Italian Truffle Cheese Sottocenere

All About Sottocenere: Flavor, Pairings and Recipes

Sottocenere Truffle Cheese. © Image 2014 Jennifer Meier

The name Sottocenere means "under ash." It is originally from Venice, Italy, and is made with cow's milk and slices of truffles, then rubbed with various herbs and spices. Sottocenere is a very pale yellow to off-white semi-soft cheese with truffles that has a grey-brown ash rind. 

About Sottocenere

The gray rind is formed by a layer of ash that covers the cheese as it ages and is meant to preserve the cheese over a long period without losing flavor (a Venetian tradition).

Mixed with the ash are spices such as coriander, nutmeg and cloves, although these spices hardly flavor the cheese. It is the addition of truffle oil and tiny flecks of black truffle that create the irresistible flavor and aroma.

The rind is edible, although sometimes a little gritty and is less flavorful than the cheese. A strong truffle aroma is followed by a slightly milder truffle flavor. 


Truffle! Not only are tiny pieces of truffle found throughout this semi-soft cheese, but the rind is also rubbed with truffle oil. Notes of scalded cream and vanilla manage to sneak past the predominantly earthy flavor profile. 

Uses and Pairings

This cheese doesn't need to be paired with much of anything -- the rich flavor of truffles shines on its own. A glass of sparkling wine or Italian Barbera will wash it down well. Delicate, aromatic and unusual, Sottocenere is a silken indulgence perfectly suited to the sparkle of Lambrusco.

Truffle Cheese Recipes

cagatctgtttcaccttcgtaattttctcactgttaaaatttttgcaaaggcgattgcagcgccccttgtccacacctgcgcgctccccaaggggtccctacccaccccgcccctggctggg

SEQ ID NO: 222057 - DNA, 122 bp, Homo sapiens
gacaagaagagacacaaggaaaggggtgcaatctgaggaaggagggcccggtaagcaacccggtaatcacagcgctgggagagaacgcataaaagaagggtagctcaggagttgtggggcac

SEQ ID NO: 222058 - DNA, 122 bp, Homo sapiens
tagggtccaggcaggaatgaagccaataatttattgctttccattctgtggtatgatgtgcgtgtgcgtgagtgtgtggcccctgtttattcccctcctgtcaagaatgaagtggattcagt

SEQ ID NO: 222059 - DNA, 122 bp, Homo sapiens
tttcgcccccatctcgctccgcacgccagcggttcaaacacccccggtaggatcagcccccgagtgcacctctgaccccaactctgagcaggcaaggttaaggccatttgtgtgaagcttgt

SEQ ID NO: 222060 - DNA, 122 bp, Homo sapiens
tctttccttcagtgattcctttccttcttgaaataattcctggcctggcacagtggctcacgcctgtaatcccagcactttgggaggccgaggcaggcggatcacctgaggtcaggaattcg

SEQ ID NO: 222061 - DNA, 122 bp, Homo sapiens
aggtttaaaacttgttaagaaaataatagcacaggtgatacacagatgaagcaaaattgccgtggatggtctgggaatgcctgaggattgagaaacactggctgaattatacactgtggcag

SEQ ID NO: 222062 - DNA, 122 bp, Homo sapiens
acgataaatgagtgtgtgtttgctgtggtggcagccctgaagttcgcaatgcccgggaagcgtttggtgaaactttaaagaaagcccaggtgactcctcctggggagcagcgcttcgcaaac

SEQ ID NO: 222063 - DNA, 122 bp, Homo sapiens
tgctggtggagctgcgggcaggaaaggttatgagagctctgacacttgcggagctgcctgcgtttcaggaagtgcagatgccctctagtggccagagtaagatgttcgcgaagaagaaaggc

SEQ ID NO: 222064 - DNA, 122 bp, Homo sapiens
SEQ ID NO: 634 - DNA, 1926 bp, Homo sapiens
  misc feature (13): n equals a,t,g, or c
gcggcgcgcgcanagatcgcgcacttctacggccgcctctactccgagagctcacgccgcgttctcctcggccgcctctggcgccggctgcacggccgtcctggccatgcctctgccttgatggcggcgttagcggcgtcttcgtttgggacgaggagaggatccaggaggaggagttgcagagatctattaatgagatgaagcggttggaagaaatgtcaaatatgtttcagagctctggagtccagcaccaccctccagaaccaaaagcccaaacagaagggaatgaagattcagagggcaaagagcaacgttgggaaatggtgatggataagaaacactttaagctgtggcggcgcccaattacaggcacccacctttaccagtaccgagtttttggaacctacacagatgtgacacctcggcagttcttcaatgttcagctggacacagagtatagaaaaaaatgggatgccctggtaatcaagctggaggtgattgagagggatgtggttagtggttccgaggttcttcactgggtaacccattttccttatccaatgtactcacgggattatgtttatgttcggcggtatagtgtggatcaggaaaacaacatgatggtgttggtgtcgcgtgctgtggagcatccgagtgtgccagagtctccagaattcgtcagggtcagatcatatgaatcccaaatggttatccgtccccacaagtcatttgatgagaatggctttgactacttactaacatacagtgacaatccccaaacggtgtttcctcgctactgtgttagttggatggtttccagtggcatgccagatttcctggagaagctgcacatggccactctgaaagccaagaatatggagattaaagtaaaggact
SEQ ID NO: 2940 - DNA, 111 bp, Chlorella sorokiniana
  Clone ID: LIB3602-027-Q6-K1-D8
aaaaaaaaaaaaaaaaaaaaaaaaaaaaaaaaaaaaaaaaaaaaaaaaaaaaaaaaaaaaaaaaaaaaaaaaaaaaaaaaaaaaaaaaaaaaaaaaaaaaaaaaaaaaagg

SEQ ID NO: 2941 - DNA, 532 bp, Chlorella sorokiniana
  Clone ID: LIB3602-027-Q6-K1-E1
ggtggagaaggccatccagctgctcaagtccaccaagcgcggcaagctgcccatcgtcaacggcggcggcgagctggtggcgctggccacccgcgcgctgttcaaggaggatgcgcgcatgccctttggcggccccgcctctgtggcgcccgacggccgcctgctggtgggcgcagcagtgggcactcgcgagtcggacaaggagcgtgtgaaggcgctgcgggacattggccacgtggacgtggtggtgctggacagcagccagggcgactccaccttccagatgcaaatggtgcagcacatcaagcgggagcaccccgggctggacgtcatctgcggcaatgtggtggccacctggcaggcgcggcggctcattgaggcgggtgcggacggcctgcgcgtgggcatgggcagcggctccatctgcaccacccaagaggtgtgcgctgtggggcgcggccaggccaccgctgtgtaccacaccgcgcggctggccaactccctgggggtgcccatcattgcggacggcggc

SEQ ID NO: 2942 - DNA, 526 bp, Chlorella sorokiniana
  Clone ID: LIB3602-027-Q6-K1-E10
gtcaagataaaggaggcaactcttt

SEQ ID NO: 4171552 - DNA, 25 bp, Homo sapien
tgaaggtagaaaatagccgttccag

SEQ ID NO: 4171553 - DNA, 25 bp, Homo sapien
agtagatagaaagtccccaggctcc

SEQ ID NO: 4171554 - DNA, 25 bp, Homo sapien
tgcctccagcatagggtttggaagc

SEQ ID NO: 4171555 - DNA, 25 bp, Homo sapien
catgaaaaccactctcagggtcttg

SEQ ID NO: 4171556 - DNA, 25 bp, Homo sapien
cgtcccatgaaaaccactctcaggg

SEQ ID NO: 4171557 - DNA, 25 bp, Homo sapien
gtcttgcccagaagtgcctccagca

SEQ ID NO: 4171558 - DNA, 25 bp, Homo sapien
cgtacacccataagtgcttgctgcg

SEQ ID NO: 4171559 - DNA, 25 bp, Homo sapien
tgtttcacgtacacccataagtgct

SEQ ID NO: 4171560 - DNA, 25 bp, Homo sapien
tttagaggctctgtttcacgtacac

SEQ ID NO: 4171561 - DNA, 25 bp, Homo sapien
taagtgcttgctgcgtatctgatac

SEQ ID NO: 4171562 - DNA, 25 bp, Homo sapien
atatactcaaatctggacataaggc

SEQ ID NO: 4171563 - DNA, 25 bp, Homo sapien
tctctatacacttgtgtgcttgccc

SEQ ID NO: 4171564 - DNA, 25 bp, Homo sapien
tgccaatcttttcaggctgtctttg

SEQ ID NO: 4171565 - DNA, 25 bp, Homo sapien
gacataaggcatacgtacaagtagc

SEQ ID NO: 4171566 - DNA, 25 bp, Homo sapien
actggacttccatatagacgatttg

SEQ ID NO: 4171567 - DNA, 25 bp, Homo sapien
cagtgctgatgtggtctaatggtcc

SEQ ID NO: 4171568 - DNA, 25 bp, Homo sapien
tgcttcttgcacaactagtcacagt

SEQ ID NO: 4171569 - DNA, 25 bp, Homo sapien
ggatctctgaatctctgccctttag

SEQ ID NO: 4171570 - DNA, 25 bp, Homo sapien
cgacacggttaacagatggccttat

A little bit of Sottocenere melted into a dish can be transformative - try melting it over polenta, risotto, or scrambled eggs. Squares of grilled cheese sandwich with Sottocenere could be a fun appetizer at a party (or a completely decadent lunch).

Sottocenere’s texture lends itself ideally to melting, so if you’re embarking on a pan of truffled mac & cheese, this is the way to go.

Choose a pasta with plenty of nooks to catch all this deliciousness, like Bartolini Fusilli Gigante. Wondering what cheese to pair with hot cider? The rind of Sottocenere, not to mention the truffle, will pick up that hint of cinnamon stick, and the soft paste will turn to silk in your mouth.

More Types of Truffle Cheese

Here are some additional types of truffle cheese you should try:

  • Moliterno Black Truffle Pecorino: A Sardinian cheese with the earthy, nutty, salty flavor of pecorino layered with black truffle paste. The truffles can be seen in dark lines throughout the cheese. Made from raw sheep's milk.
  • Boschetto al Tartufo: A semi-soft Italian cheese made from a blend of pasteurized cow and sheep milk. The cheese is mild, letting the shavings of white truffle dominate the flavor.
  • Truffle Tremor: Pasteurized goat's milk with a soft, fluffy texture. Flecked with bits of black truffle. Made by Cypress Grove in California.
  • Truffle and Salt Cheddar: An aged, pasteurized cheddar made with black truffle salt. Created by Ballard Family Dairy and Cheese in Idaho.
  • Truffle Gouda: Dutch gouda flavored with little flecks of black truffle. Less sharp and sweet than some types of gouda, the cheese has a flavor that doesn't overpower the truffles.